Although the use of intraoperative navigation was not initially compatible with spinal anatomy, there was great demand for this technology amongst spine surgeons who felt that navigation would be especially useful in situations where spinal implants were placed without direct visualization. For example, the placement of pedicle screws is a common surgical procedure during which the surgeon must place an implant based on anatomical landmarks with minimal feedback to truly know that the trajectory of the screw will lie entirely within the confines of the pedicle [11]. This has led to rates of pedicle screw misplacement that have been reported as high as 40% in the lumbar spine and 55% in the thoracic spine [12,13]. Although these numbers are clearly overestimates by today’s standards, they illustrate that the misplacement of hardware can occur even in good hands and has been a longstanding concern for spine surgeons. In addition, with the introduction of minimally invasive surgical techniques for spine surgery, surgeons were trying to perform larger operations through smaller skin incisions and with less bony exposure. Intraoperative navigation had obvious utility in these procedures and motivated spine surgeons to modify and adopt navigation technology.

At our institution, we do not routinely use advanced intraoperative image navigation for all spinal surgeries. Rather, we consider using this technology when it is available in cases where there is unusual anatomy or when a difficult surgical approach is used.

Systems Used for Image-Guided Navigation

The technology used to acquire imaging for intraoperative navigation has evolved from the discovery of X-rays in the late 19th century to the highly sophisticated intraoperative Computed Tomography (CT) based navigation tools used today [14]. The range of available technologies includes C-arm fluoroscopy, preoperative CT based navigation, 2D fluoroscopy based navigation, cone beam CT based navigation, and intraoperative CT based navigation. Aside from fluoroscopy, these imaging modalities implement the basic steps of image acquisition, registration to patient anatomy, processing, and navigation [2,14,15].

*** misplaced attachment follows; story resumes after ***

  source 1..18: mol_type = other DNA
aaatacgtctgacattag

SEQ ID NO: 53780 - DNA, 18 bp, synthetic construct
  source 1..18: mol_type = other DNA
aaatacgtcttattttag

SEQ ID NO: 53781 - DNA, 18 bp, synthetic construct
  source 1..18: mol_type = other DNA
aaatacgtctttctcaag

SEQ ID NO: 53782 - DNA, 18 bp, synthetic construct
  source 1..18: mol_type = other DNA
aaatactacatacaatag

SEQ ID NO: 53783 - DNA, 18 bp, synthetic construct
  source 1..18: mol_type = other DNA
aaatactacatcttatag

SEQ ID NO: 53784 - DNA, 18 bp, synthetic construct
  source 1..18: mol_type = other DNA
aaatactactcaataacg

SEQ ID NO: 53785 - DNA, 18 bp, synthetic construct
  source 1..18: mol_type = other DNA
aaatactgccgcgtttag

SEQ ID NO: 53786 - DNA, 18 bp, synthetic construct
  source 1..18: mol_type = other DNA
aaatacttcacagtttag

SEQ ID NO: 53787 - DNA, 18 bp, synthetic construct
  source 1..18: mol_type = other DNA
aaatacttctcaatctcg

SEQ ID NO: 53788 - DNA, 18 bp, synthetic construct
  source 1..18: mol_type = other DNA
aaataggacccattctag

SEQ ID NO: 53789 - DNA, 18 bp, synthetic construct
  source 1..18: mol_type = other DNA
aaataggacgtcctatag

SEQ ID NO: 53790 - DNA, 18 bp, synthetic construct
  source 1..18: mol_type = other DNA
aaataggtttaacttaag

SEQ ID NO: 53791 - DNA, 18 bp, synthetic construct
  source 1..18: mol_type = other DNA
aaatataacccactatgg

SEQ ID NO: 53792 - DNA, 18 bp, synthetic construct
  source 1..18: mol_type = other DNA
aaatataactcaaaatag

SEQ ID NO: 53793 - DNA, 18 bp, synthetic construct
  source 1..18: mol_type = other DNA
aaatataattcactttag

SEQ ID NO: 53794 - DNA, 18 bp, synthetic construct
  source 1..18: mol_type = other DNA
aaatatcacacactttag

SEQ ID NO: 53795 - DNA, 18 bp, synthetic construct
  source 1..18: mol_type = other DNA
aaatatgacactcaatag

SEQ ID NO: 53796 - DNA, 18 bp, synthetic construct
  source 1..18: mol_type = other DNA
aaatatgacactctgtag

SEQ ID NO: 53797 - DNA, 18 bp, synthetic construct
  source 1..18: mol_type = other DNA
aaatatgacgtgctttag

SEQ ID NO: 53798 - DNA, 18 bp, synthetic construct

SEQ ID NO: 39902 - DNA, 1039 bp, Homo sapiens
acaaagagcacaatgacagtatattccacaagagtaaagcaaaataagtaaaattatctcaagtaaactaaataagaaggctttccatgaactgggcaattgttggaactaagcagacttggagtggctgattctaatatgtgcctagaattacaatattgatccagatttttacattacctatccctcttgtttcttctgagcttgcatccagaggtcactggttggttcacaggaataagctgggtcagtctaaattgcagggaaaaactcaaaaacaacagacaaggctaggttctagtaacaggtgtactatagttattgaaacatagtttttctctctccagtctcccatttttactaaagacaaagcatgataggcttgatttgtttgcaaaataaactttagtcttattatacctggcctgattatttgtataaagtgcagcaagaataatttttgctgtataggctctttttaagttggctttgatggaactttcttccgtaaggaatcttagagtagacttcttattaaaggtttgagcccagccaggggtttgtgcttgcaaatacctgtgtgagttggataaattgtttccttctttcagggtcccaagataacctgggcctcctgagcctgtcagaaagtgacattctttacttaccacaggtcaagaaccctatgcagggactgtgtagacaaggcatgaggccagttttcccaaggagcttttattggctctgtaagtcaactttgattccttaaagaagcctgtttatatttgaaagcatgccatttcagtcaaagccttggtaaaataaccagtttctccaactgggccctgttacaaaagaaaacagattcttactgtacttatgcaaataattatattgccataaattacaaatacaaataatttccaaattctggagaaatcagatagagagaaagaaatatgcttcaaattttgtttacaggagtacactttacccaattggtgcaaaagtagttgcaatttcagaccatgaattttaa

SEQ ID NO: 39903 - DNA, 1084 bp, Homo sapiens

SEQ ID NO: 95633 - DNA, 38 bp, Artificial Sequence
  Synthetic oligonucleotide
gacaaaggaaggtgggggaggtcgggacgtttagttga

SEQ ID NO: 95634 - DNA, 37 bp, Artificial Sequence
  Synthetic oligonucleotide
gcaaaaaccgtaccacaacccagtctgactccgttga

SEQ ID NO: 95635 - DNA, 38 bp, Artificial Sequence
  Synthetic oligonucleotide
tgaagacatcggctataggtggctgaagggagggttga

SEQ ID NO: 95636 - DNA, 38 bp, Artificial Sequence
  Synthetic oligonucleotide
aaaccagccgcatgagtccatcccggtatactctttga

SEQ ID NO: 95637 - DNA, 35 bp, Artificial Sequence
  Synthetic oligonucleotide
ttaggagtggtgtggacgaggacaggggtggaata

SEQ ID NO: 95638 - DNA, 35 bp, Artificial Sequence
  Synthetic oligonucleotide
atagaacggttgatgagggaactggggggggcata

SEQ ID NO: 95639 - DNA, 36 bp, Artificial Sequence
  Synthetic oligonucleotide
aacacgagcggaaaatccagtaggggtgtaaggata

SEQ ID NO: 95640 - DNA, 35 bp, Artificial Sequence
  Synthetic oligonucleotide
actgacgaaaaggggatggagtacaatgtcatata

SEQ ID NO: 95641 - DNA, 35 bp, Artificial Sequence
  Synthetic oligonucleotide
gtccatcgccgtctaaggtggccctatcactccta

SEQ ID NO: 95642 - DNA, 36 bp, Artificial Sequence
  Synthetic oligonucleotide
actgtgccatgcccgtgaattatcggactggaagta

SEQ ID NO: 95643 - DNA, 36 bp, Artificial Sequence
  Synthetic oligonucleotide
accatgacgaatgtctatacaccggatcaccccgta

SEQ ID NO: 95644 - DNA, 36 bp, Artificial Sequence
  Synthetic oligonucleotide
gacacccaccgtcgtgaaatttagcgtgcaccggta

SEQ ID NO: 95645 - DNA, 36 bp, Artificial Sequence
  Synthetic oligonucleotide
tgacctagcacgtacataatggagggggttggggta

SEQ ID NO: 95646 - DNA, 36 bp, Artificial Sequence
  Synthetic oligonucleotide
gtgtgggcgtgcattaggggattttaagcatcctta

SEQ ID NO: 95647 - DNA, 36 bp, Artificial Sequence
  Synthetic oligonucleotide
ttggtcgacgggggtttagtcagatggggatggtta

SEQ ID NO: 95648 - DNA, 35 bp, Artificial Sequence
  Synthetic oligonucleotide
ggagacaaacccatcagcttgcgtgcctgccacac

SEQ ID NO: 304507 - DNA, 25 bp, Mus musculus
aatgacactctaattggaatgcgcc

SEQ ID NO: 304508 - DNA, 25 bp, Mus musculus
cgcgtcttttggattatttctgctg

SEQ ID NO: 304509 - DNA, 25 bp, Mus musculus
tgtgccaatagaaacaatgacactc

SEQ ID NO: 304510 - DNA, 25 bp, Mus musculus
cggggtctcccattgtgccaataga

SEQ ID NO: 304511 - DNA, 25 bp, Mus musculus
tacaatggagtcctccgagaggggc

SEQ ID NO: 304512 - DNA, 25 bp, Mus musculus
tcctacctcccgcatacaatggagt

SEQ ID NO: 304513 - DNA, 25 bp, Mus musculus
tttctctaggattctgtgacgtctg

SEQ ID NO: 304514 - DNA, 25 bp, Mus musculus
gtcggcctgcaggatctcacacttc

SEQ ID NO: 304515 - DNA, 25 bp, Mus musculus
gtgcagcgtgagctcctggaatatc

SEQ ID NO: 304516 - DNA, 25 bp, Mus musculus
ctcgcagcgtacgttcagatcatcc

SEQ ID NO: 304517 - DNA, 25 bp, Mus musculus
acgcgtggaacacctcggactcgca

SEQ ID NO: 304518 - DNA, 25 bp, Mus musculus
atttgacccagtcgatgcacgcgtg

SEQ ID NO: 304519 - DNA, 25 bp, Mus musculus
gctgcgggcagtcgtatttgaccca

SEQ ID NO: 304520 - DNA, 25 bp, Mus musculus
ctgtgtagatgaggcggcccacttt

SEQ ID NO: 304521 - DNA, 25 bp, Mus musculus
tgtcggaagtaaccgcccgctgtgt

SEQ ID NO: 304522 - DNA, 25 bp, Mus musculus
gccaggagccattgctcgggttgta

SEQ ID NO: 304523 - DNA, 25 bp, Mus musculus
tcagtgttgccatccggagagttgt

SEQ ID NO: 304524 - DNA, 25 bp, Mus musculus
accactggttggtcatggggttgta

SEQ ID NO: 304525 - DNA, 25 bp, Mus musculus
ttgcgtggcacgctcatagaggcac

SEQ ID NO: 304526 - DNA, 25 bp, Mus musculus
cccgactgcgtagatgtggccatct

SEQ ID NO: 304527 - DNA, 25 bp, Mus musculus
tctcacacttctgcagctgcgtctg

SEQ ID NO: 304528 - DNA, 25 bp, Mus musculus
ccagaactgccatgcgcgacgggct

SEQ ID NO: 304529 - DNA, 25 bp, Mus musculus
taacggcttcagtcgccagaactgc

C-Arm Fluoroscopy

C-arm fluoroscopy is the most widely available mode of intraoperative image acquisition and allows for the rapid and serial visualization of 2-dimensional images in real time. This imaging modality is a quick and effective way to determine the correct level of surgery. During minimally invasive procedures requiring biplanar fluoroscopy, two c-arms must be positioned into true Anteroposterior (AP) and lateral projections. True AP calibrations require visualization of the superior endplate as a single line, the pedicle shadows caudal to the superior endplate, and the spinous process shadow at the midpoint of the pedicle shadows. Lateral calibrations require visualization of both the superior endplate as a single line and the superimposition of the left and right pedicle shadows onto the posterior cortex of the vertebral body as a single line. Three-dimensional anatomy must be indirectly inferred from the 2-D images.

The major advantages of C-arm fluoroscopy are its low cost and widespread availability (Table 1). C-arm fluoroscopy also provides imaging in real time. The major disadvantages of C-arm fluoroscopy are that it exposes the surgeon and Operating Room (OR) personnel to radiation, it is cumber some to obtain images in multiple planes simultaneously, there are ergonomic challenges associated with the C-arm’s positioning, and the inability to visualize images in the axial plane [2,10,16,17].